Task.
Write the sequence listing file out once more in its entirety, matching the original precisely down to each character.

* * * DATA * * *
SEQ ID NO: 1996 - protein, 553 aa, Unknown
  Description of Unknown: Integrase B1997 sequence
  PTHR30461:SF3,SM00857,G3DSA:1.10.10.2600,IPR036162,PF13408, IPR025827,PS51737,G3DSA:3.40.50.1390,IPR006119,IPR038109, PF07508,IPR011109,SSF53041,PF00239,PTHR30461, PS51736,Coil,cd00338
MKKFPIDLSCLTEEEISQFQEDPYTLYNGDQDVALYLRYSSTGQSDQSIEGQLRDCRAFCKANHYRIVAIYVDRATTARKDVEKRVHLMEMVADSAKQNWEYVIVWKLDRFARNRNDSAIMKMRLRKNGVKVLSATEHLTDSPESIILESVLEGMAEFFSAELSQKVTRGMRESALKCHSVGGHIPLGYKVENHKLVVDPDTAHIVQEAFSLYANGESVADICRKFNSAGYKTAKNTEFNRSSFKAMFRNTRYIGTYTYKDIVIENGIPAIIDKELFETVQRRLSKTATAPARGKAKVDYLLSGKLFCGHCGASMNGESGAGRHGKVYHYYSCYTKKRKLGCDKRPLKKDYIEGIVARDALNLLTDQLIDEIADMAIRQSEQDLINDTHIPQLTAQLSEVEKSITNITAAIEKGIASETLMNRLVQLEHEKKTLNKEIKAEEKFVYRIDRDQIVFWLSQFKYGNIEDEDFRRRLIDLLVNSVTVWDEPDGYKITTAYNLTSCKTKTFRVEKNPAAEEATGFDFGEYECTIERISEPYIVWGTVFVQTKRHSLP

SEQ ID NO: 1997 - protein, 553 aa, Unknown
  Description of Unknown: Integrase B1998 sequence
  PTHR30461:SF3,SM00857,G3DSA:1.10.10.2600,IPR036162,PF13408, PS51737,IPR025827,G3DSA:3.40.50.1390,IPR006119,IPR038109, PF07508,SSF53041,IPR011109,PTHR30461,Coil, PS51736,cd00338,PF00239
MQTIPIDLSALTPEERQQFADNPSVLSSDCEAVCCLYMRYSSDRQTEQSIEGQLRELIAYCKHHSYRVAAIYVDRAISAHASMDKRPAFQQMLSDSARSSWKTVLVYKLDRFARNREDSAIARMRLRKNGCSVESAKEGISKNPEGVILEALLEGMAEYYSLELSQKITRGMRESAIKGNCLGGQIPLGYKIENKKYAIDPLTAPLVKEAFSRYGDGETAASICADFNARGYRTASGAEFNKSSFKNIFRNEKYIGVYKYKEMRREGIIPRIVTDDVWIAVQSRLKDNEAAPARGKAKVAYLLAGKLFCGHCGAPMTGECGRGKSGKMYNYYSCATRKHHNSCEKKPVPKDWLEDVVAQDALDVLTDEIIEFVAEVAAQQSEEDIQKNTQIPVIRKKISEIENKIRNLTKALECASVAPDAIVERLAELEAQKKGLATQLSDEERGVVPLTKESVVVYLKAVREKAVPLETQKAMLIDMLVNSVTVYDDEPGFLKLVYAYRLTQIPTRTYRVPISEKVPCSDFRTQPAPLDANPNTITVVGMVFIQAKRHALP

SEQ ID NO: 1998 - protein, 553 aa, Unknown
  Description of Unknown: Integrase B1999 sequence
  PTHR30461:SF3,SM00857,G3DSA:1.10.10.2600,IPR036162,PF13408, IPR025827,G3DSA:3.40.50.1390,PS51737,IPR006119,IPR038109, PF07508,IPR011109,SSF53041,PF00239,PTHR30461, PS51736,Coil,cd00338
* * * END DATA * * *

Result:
SEQ ID NO: 1996 - protein, 553 aa, Unknown
  Description of Unknown: Integrase B1997 sequence
  PTHR30461:SF3,SM00857,G3DSA:1.10.10.2600,IPR036162,PF13408, IPR025827,PS51737,G3DSA:3.40.50.1390,IPR006119,IPR038109, PF07508,IPR011109,SSF53041,PF00239,PTHR30461, PS51736,Coil,cd00338
MKKFPIDLSCLTEEEISQFQEDPYTLYNGDQDVALYLRYSSTGQSDQSIEGQLRDCRAFCKANHYRIVAIYVDRATTARKDVEKRVHLMEMVADSAKQNWEYVIVWKLDRFARNRNDSAIMKMRLRKNGVKVLSATEHLTDSPESIILESVLEGMAEFFSAELSQKVTRGMRESALKCHSVGGHIPLGYKVENHKLVVDPDTAHIVQEAFSLYANGESVADICRKFNSAGYKTAKNTEFNRSSFKAMFRNTRYIGTYTYKDIVIENGIPAIIDKELFETVQRRLSKTATAPARGKAKVDYLLSGKLFCGHCGASMNGESGAGRHGKVYHYYSCYTKKRKLGCDKRPLKKDYIEGIVARDALNLLTDQLIDEIADMAIRQSEQDLINDTHIPQLTAQLSEVEKSITNITAAIEKGIASETLMNRLVQLEHEKKTLNKEIKAEEKFVYRIDRDQIVFWLSQFKYGNIEDEDFRRRLIDLLVNSVTVWDEPDGYKITTAYNLTSCKTKTFRVEKNPAAEEATGFDFGEYECTIERISEPYIVWGTVFVQTKRHSLP

SEQ ID NO: 1997 - protein, 553 aa, Unknown
  Description of Unknown: Integrase B1998 sequence
  PTHR30461:SF3,SM00857,G3DSA:1.10.10.2600,IPR036162,PF13408, PS51737,IPR025827,G3DSA:3.40.50.1390,IPR006119,IPR038109, PF07508,SSF53041,IPR011109,PTHR30461,Coil, PS51736,cd00338,PF00239
MQTIPIDLSALTPEERQQFADNPSVLSSDCEAVCCLYMRYSSDRQTEQSIEGQLRELIAYCKHHSYRVAAIYVDRAISAHASMDKRPAFQQMLSDSARSSWKTVLVYKLDRFARNREDSAIARMRLRKNGCSVESAKEGISKNPEGVILEALLEGMAEYYSLELSQKITRGMRESAIKGNCLGGQIPLGYKIENKKYAIDPLTAPLVKEAFSRYGDGETAASICADFNARGYRTASGAEFNKSSFKNIFRNEKYIGVYKYKEMRREGIIPRIVTDDVWIAVQSRLKDNEAAPARGKAKVAYLLAGKLFCGHCGAPMTGECGRGKSGKMYNYYSCATRKHHNSCEKKPVPKDWLEDVVAQDALDVLTDEIIEFVAEVAAQQSEEDIQKNTQIPVIRKKISEIENKIRNLTKALECASVAPDAIVERLAELEAQKKGLATQLSDEERGVVPLTKESVVVYLKAVREKAVPLETQKAMLIDMLVNSVTVYDDEPGFLKLVYAYRLTQIPTRTYRVPISEKVPCSDFRTQPAPLDANPNTITVVGMVFIQAKRHALP

SEQ ID NO: 1998 - protein, 553 aa, Unknown
  Description of Unknown: Integrase B1999 sequence
  PTHR30461:SF3,SM00857,G3DSA:1.10.10.2600,IPR036162,PF13408, IPR025827,G3DSA:3.40.50.1390,PS51737,IPR006119,IPR038109, PF07508,IPR011109,SSF53041,PF00239,PTHR30461, PS51736,Coil,cd00338